The intersection between disability and gender has led to increase in the vulnerability of women and girls with disabilities. According to international researches, the vulnerability of women with disabilities (WWDs) particularly in low and middle income countries (LMICs) is higher than in more developed climes.
This situation has been worsened by the crises created by the prevailing COVID-19 global pandemic. Women and girls with disabilities have been found to be increasingly vulnerable to poverty due to several forms of discrimination manifesting through culturally rooted male preferences and universal devaluation of disabilities.
In view of this, women with disabilities are more exposed to practices which qualify as torture or inhuman or degrading treatment; they are more susceptible to violence and abuse; thereby placing their lives at risk.
While there is limited data available on the impact of COVID-19 on women with disabilities, available global evidence show that Domestic and genderbased violence (GBV) mostly perpetrated against women (including WWDs) stands out as one of the major social consequences of the COVID-19 pandemic.
This has mostly arisen out of psychosocial and economic frustrations imposed by rapidly shrinking household resources, prolonged overdependence, limited access to services and pre-covid-19 existing negative culture-based gender beliefs and practices.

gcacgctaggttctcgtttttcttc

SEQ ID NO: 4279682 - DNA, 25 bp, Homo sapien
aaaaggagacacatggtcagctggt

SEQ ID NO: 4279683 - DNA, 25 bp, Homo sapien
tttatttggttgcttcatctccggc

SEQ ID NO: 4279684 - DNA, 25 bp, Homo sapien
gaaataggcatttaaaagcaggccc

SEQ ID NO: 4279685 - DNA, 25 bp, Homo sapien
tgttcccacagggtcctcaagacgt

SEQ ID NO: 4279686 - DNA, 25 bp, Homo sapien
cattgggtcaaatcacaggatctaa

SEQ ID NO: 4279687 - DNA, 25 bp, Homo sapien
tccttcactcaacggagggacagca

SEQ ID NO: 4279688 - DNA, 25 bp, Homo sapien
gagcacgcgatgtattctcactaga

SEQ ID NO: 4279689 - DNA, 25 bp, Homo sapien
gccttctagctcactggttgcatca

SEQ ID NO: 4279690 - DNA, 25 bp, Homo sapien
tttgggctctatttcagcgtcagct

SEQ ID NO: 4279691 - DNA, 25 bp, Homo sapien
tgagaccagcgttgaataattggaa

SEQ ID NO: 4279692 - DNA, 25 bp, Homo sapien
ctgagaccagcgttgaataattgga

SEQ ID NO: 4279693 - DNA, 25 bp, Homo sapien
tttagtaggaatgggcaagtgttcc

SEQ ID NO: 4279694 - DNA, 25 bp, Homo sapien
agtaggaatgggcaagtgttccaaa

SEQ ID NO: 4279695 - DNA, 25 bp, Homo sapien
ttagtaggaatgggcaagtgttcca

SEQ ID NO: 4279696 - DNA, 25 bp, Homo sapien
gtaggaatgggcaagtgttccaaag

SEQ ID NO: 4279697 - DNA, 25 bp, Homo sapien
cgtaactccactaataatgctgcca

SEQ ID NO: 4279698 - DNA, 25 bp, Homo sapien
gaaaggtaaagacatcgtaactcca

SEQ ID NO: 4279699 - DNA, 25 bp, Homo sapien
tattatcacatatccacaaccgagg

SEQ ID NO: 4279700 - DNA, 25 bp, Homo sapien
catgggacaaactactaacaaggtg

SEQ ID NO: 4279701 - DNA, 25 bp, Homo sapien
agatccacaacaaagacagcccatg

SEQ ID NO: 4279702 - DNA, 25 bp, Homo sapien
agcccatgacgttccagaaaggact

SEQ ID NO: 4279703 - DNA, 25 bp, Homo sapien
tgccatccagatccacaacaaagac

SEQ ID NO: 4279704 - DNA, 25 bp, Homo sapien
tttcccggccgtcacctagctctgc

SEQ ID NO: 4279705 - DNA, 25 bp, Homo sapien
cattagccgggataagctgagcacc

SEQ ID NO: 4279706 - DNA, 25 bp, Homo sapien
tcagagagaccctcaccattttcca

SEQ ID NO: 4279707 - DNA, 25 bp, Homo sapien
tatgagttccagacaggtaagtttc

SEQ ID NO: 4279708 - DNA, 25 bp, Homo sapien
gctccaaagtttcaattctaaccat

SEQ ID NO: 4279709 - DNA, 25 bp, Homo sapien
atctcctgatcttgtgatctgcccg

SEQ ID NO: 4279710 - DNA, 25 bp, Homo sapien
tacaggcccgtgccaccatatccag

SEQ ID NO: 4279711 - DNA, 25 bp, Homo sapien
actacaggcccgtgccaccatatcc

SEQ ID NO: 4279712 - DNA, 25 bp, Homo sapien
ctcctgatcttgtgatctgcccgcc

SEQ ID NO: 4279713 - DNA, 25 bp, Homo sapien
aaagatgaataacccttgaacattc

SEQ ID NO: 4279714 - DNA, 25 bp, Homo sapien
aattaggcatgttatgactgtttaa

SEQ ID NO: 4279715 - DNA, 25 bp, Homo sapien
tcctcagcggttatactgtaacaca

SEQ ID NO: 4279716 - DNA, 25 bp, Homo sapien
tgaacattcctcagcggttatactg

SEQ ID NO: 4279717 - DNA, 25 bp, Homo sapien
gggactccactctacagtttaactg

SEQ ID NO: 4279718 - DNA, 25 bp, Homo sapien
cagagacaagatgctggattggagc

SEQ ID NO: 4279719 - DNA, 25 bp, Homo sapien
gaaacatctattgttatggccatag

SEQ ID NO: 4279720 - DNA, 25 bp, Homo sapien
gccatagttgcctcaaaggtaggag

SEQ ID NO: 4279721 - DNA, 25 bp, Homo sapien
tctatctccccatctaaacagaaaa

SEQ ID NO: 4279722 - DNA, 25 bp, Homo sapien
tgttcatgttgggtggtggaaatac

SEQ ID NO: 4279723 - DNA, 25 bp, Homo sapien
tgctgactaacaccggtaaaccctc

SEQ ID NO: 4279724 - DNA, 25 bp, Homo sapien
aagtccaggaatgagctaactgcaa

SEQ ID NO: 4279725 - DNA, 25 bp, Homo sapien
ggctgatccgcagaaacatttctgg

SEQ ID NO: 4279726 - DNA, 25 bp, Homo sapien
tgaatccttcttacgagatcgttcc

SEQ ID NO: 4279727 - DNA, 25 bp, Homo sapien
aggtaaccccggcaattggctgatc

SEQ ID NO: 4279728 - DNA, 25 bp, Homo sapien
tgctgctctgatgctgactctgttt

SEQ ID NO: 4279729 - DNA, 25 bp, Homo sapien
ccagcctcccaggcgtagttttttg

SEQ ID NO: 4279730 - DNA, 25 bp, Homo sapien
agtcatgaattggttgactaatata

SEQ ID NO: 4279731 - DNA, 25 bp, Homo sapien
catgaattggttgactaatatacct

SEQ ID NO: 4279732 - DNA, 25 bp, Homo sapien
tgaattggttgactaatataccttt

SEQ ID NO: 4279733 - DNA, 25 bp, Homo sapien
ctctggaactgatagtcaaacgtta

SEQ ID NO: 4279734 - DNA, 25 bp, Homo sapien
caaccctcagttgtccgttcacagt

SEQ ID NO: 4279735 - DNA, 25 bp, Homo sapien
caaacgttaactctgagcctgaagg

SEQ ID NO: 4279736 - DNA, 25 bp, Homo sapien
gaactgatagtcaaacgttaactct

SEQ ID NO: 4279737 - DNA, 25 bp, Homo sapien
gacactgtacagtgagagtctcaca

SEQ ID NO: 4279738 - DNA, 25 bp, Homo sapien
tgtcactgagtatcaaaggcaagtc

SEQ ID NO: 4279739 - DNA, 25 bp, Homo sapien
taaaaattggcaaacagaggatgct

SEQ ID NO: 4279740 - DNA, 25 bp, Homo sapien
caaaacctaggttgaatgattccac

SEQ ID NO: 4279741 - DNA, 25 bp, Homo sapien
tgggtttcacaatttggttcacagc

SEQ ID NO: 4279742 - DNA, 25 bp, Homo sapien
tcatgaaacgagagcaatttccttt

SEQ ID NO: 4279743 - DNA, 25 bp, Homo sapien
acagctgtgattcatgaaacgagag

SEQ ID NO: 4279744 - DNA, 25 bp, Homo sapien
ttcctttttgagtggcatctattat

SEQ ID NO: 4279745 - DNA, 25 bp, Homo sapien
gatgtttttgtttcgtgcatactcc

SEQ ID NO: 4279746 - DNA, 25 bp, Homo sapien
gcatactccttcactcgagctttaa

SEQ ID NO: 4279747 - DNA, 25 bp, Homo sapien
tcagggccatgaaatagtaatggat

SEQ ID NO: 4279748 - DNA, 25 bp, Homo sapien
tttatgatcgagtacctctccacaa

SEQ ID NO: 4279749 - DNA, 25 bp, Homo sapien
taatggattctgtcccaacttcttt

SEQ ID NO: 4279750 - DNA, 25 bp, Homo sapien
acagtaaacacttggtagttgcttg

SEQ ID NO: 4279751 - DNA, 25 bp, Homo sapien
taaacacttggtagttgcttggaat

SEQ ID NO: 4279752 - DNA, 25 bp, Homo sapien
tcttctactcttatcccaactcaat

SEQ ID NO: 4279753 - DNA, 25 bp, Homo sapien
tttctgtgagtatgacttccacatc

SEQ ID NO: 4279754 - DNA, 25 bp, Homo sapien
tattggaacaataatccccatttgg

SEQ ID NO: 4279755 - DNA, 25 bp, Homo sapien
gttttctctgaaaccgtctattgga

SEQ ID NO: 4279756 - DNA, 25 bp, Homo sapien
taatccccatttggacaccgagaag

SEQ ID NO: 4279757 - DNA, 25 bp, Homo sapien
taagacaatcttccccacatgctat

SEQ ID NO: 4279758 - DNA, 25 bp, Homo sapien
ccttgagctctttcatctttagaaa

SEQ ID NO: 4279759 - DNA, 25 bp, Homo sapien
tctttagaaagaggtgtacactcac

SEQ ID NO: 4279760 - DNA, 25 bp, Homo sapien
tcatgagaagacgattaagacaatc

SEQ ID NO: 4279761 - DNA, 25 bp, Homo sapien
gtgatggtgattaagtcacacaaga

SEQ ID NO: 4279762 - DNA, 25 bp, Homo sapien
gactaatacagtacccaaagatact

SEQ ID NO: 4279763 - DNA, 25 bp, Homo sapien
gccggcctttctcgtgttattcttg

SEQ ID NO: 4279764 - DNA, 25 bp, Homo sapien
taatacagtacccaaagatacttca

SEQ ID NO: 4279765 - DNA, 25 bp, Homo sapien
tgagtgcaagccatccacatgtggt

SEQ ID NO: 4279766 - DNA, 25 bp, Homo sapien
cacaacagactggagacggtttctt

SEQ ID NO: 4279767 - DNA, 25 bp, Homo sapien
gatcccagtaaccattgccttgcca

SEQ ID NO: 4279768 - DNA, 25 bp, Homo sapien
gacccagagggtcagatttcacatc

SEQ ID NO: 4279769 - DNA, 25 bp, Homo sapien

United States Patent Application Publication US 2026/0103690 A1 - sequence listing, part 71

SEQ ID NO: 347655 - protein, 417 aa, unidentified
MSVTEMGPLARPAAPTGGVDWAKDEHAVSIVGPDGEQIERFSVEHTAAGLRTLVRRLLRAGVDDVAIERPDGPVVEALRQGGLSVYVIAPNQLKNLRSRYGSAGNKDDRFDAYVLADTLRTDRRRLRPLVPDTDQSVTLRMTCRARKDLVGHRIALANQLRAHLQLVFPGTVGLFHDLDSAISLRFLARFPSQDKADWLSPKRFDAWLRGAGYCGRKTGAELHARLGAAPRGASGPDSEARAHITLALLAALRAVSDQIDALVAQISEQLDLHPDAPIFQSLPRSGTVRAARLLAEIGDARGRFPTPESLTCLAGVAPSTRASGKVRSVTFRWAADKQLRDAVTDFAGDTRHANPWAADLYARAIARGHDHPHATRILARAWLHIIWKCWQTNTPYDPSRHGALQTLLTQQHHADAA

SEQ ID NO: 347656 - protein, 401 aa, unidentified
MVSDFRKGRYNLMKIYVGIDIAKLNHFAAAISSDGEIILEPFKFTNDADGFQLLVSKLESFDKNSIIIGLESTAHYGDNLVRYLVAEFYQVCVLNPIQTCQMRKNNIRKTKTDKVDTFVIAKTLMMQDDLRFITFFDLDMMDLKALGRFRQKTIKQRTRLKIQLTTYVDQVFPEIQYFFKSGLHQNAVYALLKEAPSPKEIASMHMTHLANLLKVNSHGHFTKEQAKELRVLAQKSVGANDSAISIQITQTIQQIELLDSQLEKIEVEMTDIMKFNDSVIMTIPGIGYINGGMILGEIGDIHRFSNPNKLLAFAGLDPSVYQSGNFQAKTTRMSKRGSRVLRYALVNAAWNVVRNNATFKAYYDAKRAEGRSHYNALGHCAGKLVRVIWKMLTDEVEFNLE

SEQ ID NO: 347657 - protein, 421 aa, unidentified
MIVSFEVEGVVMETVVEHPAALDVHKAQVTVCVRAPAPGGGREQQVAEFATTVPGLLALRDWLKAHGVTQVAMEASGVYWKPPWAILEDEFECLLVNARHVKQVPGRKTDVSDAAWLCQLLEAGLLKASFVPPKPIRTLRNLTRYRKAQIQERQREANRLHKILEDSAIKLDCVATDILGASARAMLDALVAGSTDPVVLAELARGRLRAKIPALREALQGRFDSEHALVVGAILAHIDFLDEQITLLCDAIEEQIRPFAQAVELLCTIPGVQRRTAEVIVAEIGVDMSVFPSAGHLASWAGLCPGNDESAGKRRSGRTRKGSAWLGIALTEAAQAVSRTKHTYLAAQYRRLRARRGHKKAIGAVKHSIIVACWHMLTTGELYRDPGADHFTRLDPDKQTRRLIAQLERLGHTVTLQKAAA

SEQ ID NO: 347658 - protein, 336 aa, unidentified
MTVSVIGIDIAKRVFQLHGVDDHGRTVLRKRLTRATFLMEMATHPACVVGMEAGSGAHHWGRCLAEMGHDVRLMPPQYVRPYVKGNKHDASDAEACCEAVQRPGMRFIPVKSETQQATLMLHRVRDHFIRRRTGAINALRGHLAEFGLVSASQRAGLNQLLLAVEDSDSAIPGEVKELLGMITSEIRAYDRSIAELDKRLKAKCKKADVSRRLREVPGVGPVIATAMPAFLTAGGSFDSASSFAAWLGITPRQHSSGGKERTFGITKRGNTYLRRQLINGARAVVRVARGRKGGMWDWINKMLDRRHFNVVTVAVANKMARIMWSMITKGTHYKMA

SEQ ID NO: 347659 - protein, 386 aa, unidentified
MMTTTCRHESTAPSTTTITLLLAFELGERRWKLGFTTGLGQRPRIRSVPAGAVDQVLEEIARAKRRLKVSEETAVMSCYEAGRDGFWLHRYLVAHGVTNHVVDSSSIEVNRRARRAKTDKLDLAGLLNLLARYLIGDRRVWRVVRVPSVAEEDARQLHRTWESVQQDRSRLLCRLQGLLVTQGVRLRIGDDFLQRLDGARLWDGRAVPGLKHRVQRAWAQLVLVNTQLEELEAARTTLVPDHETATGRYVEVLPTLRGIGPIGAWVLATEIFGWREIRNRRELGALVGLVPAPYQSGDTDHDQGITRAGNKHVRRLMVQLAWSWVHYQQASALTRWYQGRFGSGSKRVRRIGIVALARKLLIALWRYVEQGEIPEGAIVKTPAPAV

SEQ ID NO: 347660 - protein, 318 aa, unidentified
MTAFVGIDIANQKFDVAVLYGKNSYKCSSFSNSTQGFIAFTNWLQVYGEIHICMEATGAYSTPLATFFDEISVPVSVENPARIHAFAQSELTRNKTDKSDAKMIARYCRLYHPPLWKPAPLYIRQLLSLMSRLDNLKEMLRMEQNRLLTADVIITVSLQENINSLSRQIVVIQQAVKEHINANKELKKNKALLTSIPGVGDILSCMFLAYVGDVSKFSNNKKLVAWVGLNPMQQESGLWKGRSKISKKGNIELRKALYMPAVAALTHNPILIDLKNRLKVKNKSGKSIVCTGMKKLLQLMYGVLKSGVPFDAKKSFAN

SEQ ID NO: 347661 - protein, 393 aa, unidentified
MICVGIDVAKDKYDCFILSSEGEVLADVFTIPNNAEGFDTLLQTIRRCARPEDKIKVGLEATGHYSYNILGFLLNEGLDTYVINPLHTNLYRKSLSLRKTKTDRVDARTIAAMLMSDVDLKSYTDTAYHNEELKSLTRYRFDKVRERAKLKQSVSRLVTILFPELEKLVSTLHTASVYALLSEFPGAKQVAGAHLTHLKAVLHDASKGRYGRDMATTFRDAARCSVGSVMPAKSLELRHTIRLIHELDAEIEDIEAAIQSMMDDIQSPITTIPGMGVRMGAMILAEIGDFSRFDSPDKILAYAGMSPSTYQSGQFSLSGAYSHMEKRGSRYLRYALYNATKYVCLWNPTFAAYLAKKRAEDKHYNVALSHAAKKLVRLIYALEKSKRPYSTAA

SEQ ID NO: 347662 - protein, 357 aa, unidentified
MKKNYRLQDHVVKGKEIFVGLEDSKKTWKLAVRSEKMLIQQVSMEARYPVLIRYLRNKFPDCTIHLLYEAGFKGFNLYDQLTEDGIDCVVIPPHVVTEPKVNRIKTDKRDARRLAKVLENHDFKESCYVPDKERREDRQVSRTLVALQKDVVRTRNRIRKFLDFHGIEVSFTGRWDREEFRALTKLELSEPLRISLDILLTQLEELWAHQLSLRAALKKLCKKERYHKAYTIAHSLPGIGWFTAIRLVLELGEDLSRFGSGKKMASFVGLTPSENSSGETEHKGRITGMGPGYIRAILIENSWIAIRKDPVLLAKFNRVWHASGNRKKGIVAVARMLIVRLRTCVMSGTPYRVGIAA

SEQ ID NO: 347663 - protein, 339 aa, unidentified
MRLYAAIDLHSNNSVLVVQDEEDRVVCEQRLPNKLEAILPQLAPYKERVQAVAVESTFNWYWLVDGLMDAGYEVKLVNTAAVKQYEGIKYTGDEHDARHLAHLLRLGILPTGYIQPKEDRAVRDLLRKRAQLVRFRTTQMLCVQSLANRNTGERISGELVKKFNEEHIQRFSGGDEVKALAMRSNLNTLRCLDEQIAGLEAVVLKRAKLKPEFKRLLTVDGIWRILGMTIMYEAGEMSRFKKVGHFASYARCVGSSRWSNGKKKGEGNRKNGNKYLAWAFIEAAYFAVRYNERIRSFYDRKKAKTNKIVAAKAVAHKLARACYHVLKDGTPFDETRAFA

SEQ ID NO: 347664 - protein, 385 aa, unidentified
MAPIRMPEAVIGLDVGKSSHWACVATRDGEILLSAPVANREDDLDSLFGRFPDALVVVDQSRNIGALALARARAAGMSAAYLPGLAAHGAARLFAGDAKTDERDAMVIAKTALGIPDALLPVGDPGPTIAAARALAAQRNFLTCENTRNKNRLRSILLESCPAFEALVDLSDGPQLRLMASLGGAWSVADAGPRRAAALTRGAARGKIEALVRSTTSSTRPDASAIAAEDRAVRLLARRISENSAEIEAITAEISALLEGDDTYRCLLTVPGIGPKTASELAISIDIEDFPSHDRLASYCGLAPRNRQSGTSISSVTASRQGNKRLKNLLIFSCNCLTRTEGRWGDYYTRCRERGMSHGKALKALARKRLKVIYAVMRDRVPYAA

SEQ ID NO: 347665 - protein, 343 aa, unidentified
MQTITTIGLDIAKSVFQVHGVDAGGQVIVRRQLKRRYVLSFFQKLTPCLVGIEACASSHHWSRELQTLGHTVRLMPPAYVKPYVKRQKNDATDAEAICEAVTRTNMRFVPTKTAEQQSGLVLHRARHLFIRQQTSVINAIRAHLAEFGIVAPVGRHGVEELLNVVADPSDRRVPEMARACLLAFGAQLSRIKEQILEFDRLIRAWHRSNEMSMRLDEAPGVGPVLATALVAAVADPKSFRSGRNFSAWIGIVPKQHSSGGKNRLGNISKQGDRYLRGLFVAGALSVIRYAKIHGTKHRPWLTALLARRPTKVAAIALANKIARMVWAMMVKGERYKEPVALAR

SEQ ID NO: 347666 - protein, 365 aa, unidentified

Unfortunately, the paucity of credible evidence with regards to the GBV experiences of women and girls with disabilities especially in less developed countries like Nigeria, as well as the absence of other relevant data could be a great barrier to the effective inclusion of WWDs in major GBV interventions particularly in an emergency situation created by the COVID-19 pandemic.
Although the UN and its Agencies (including UN Women), as well as other international disability organizations have issued Position Papers to provide some guidance to national and subnational governments, There has been very low capacity within national and subnational governments to adapt This documents to meet local contexts. This is also responsible for the absence of appropriate frameworks such as simple guidelines that could be used by all levels of government, civil society and disabled people’s organizations and other critical stakeholders to facilitate inclusion of WWDs in GBV interventions.
In view of the foregoing, FACICP Disability Plus, in collaboration with Mobility International USA (MIUSA) implemented a 6-month project on Mobilizing Leaders of Women with Disabilities (WWDs) for Inclusive Responses to Gender-Based Violence During the COVID-19 Pandemic. As part of the project, FACICP organized a oneday Roundtable Discussion with stakeholders to develop Guidelines for Inclusion of WWDs in GBV Interventions in the COVID. Accordingly, the key outcome of the Roundtable Discussion is this guideline document which is designed to support key stakeholders in providing frameworks and procedures for the mainstreaming of WWDs in GBV and COVID responses.
The full guideline can be downloaded via – Multi Stakeholders Guidelines for Mainstreaming Women with Disabilities into GBV